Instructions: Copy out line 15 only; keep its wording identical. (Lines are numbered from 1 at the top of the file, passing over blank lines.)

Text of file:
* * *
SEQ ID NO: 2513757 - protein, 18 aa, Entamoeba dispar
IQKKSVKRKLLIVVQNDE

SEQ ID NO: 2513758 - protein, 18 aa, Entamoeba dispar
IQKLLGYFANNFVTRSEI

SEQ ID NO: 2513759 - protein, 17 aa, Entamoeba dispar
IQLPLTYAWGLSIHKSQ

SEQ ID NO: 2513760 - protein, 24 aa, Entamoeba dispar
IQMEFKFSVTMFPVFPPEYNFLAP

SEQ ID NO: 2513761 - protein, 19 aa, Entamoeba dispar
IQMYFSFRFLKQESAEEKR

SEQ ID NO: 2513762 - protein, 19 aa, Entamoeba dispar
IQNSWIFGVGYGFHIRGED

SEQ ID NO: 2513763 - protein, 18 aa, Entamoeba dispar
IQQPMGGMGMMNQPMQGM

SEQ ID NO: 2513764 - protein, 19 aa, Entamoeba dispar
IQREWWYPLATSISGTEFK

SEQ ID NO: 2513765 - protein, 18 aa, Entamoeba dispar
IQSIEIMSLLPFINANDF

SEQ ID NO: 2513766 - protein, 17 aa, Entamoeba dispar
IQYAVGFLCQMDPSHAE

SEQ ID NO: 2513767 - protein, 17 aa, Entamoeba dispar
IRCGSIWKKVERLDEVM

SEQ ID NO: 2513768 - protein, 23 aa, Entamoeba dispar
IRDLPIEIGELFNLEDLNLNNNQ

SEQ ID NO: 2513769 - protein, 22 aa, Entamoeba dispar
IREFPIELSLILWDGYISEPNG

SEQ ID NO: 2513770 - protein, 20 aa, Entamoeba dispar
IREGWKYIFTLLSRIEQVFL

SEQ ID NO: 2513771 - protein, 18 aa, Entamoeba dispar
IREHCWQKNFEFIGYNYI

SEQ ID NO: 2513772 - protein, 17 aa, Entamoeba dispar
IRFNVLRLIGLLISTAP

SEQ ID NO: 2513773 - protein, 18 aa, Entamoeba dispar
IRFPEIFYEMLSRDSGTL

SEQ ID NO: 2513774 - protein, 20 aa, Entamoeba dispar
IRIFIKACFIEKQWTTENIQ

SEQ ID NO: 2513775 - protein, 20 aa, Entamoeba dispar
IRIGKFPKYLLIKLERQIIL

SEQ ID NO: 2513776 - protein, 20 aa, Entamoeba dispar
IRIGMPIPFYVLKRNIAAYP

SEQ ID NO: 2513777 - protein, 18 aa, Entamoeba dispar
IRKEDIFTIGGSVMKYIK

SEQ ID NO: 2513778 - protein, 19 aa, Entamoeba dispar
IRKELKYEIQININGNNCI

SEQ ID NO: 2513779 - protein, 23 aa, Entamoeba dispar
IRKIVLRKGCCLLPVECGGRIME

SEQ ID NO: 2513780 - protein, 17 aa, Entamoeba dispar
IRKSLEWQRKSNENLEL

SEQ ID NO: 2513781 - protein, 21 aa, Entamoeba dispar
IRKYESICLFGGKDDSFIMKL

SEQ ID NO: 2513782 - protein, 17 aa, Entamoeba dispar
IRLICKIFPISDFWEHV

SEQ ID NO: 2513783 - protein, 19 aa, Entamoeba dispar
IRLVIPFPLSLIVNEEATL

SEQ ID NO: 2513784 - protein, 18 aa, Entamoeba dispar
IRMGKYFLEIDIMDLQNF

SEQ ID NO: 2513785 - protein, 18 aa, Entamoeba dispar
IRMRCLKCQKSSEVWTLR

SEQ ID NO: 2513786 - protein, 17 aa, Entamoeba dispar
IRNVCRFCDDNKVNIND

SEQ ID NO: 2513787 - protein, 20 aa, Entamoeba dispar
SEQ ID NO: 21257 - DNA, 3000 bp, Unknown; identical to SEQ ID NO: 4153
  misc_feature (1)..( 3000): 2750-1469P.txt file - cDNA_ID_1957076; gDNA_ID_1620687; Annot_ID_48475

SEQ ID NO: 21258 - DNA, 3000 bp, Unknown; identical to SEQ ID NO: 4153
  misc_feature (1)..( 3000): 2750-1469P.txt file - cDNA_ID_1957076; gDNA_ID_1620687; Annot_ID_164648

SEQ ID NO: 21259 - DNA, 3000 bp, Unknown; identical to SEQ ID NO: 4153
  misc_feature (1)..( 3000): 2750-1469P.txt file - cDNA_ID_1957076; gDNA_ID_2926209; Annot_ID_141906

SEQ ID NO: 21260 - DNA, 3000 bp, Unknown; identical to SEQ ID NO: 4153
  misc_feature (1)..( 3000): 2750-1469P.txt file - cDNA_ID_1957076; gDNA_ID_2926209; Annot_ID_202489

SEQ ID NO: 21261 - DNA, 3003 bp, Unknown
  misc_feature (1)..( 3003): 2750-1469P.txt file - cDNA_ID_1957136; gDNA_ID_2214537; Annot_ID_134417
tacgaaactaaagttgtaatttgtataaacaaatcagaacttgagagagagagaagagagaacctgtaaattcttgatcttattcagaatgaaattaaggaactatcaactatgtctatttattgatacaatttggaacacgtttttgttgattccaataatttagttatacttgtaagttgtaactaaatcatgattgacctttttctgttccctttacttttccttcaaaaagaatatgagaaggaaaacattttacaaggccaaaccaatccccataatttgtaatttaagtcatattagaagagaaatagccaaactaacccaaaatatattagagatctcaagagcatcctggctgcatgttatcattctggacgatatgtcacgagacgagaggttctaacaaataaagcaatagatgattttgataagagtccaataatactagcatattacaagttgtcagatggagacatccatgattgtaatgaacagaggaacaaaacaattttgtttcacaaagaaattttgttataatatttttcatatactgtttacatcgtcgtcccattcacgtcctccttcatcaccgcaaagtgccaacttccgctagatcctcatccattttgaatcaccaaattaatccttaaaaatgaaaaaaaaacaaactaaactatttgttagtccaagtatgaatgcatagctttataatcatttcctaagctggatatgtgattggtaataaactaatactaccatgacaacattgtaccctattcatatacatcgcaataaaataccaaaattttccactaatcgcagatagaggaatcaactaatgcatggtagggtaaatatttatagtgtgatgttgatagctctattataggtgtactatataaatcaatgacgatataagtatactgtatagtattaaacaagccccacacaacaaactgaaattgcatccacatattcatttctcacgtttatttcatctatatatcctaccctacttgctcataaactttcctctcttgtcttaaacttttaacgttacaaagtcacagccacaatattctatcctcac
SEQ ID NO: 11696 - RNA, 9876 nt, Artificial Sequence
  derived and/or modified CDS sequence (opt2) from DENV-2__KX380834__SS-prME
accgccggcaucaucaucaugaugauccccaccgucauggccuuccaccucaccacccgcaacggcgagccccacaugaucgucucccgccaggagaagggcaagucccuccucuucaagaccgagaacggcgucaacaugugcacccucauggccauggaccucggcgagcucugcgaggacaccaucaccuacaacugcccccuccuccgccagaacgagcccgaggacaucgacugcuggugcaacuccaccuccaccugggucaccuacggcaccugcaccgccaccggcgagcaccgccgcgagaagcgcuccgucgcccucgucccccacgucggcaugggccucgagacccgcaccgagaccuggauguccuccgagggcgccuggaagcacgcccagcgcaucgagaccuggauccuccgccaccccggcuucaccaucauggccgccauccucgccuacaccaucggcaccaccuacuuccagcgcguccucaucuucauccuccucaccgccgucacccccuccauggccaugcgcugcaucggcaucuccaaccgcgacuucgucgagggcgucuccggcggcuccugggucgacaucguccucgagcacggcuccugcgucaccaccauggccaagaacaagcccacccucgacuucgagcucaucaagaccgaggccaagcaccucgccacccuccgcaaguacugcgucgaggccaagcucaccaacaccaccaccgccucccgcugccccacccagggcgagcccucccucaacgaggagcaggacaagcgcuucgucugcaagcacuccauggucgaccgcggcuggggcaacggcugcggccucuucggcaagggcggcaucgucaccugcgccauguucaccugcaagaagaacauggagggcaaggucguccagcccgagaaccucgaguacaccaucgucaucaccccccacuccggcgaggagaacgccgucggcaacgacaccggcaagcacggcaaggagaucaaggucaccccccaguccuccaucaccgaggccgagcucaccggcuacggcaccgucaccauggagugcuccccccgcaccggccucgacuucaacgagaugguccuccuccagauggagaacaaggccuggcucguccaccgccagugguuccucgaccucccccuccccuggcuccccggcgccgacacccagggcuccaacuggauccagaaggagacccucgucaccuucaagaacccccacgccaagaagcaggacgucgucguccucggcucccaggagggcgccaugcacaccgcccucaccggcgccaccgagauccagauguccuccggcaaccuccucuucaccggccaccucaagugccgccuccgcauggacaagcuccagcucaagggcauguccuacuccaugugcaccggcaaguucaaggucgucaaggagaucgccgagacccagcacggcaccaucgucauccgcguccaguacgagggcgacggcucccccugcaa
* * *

SEQ ID NO: 2513764 - protein, 19 aa, Entamoeba dispar